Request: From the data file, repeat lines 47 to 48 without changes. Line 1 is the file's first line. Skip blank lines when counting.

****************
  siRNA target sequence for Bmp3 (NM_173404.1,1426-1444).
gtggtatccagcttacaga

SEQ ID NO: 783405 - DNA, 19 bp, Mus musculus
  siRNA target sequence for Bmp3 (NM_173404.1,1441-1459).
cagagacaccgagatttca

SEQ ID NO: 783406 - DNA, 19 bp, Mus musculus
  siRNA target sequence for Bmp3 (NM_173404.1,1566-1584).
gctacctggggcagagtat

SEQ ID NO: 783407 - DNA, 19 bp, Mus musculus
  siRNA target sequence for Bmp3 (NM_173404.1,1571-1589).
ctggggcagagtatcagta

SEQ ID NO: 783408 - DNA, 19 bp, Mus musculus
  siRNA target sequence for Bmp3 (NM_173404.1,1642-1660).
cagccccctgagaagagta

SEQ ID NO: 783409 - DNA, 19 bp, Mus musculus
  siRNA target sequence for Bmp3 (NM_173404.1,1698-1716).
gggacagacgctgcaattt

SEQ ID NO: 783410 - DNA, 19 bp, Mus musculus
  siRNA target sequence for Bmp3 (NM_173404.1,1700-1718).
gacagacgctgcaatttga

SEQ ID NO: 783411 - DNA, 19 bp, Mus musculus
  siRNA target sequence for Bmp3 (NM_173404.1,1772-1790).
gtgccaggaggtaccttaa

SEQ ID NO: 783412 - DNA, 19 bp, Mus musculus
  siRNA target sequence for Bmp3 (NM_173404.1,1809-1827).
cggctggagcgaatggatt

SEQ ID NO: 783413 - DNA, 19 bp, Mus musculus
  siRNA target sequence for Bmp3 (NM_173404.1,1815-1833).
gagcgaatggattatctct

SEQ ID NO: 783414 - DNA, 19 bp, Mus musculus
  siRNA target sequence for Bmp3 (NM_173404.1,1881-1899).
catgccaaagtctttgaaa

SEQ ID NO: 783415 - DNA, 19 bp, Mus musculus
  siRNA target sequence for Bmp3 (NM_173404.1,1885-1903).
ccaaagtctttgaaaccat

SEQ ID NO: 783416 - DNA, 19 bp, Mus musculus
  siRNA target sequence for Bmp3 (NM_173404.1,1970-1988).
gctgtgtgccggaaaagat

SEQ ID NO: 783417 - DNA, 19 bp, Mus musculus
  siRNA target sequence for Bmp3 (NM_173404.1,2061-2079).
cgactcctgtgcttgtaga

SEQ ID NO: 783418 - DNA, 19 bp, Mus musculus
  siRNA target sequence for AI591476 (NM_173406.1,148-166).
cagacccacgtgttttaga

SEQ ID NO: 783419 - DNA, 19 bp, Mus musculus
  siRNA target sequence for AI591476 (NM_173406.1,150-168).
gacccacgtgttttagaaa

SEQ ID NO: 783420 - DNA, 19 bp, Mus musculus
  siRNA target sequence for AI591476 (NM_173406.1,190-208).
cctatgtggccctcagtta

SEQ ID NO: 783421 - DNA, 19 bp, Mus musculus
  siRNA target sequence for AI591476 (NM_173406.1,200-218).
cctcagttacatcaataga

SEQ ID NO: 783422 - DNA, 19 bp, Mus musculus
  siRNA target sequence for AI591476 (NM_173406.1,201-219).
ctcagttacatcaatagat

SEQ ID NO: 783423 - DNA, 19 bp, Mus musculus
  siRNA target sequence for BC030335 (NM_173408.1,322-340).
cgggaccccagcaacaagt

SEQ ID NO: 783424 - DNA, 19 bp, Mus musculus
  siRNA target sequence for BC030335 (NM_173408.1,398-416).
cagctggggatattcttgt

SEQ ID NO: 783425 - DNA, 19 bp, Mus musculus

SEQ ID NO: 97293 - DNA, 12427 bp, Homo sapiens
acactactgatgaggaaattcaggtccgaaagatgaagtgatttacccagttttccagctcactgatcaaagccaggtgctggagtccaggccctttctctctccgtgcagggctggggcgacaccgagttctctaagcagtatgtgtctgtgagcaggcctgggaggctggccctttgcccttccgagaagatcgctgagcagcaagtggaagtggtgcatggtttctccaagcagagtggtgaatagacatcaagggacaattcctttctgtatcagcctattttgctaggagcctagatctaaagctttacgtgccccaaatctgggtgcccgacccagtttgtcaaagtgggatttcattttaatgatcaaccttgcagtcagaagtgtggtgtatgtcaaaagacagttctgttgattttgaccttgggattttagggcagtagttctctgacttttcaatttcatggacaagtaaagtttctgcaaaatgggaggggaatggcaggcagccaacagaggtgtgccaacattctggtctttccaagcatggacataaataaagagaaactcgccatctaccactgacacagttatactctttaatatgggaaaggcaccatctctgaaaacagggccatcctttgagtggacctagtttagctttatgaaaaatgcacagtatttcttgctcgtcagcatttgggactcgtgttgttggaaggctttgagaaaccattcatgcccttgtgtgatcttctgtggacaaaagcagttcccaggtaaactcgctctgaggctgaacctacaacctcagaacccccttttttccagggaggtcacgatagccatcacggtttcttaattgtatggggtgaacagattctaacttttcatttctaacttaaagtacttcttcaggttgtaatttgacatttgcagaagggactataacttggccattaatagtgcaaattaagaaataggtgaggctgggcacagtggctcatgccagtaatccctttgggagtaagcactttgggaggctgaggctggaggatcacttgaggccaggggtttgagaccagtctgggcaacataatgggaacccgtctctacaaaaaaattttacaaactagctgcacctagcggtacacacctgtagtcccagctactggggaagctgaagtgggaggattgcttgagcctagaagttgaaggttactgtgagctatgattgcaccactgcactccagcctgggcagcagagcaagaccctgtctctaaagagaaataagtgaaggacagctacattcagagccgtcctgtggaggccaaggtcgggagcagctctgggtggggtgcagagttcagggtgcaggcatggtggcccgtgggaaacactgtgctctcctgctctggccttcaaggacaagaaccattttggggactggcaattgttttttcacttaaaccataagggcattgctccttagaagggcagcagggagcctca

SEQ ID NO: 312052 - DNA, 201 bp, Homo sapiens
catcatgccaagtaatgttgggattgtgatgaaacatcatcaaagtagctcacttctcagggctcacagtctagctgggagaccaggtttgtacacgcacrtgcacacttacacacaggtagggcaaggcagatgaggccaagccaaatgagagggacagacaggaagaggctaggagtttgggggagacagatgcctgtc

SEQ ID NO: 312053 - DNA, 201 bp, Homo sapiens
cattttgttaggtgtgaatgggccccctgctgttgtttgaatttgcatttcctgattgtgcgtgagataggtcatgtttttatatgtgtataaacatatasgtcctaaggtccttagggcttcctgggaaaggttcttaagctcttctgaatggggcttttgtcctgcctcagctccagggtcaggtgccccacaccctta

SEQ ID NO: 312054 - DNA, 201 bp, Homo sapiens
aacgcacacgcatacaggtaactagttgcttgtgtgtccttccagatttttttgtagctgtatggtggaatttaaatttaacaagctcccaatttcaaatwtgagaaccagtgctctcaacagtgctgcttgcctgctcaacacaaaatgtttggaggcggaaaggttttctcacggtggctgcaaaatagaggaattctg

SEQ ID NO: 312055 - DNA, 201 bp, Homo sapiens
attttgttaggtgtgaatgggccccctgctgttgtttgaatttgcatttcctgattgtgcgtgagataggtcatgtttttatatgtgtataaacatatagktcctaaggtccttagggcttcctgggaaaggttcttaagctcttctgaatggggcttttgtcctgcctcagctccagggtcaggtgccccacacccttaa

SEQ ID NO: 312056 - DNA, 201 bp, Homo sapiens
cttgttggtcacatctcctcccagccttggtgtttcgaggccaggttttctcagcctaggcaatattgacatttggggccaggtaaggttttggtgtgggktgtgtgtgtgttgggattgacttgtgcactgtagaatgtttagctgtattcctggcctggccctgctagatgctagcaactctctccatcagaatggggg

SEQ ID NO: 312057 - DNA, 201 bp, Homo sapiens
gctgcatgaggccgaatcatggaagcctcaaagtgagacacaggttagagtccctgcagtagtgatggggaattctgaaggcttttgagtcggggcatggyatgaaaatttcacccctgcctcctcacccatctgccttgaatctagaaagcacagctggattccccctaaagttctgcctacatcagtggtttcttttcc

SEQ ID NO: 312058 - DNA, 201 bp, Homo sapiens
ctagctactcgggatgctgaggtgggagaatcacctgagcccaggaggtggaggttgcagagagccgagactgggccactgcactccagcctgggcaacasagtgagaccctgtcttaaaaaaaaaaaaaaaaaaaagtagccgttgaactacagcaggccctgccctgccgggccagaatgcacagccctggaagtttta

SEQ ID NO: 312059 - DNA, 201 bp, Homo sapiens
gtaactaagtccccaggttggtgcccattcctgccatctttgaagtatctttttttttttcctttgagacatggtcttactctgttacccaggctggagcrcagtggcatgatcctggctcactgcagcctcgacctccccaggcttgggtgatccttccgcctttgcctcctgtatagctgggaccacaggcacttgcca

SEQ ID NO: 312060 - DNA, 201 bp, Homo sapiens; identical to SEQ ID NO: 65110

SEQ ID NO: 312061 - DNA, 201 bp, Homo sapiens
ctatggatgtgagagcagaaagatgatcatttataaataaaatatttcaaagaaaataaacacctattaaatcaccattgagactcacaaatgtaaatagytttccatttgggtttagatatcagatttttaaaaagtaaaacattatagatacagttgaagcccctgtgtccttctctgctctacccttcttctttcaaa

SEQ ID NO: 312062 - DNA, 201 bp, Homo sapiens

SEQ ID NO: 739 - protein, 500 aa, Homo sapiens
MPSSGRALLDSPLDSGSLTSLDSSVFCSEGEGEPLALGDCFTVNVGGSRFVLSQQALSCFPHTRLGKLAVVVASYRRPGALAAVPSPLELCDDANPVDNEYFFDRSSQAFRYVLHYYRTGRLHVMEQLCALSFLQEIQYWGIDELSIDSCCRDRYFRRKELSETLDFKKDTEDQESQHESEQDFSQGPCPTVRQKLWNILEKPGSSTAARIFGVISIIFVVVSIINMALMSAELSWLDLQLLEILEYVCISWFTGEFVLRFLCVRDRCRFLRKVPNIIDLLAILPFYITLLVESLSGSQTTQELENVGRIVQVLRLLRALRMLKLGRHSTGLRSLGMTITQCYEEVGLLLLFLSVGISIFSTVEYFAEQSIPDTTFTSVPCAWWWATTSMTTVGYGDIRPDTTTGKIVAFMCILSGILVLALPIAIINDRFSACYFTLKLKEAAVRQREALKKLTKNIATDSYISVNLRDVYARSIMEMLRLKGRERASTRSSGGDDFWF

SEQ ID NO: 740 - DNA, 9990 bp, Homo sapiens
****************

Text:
gacccacgtgttttagaaa

SEQ ID NO: 783420 - DNA, 19 bp, Mus musculus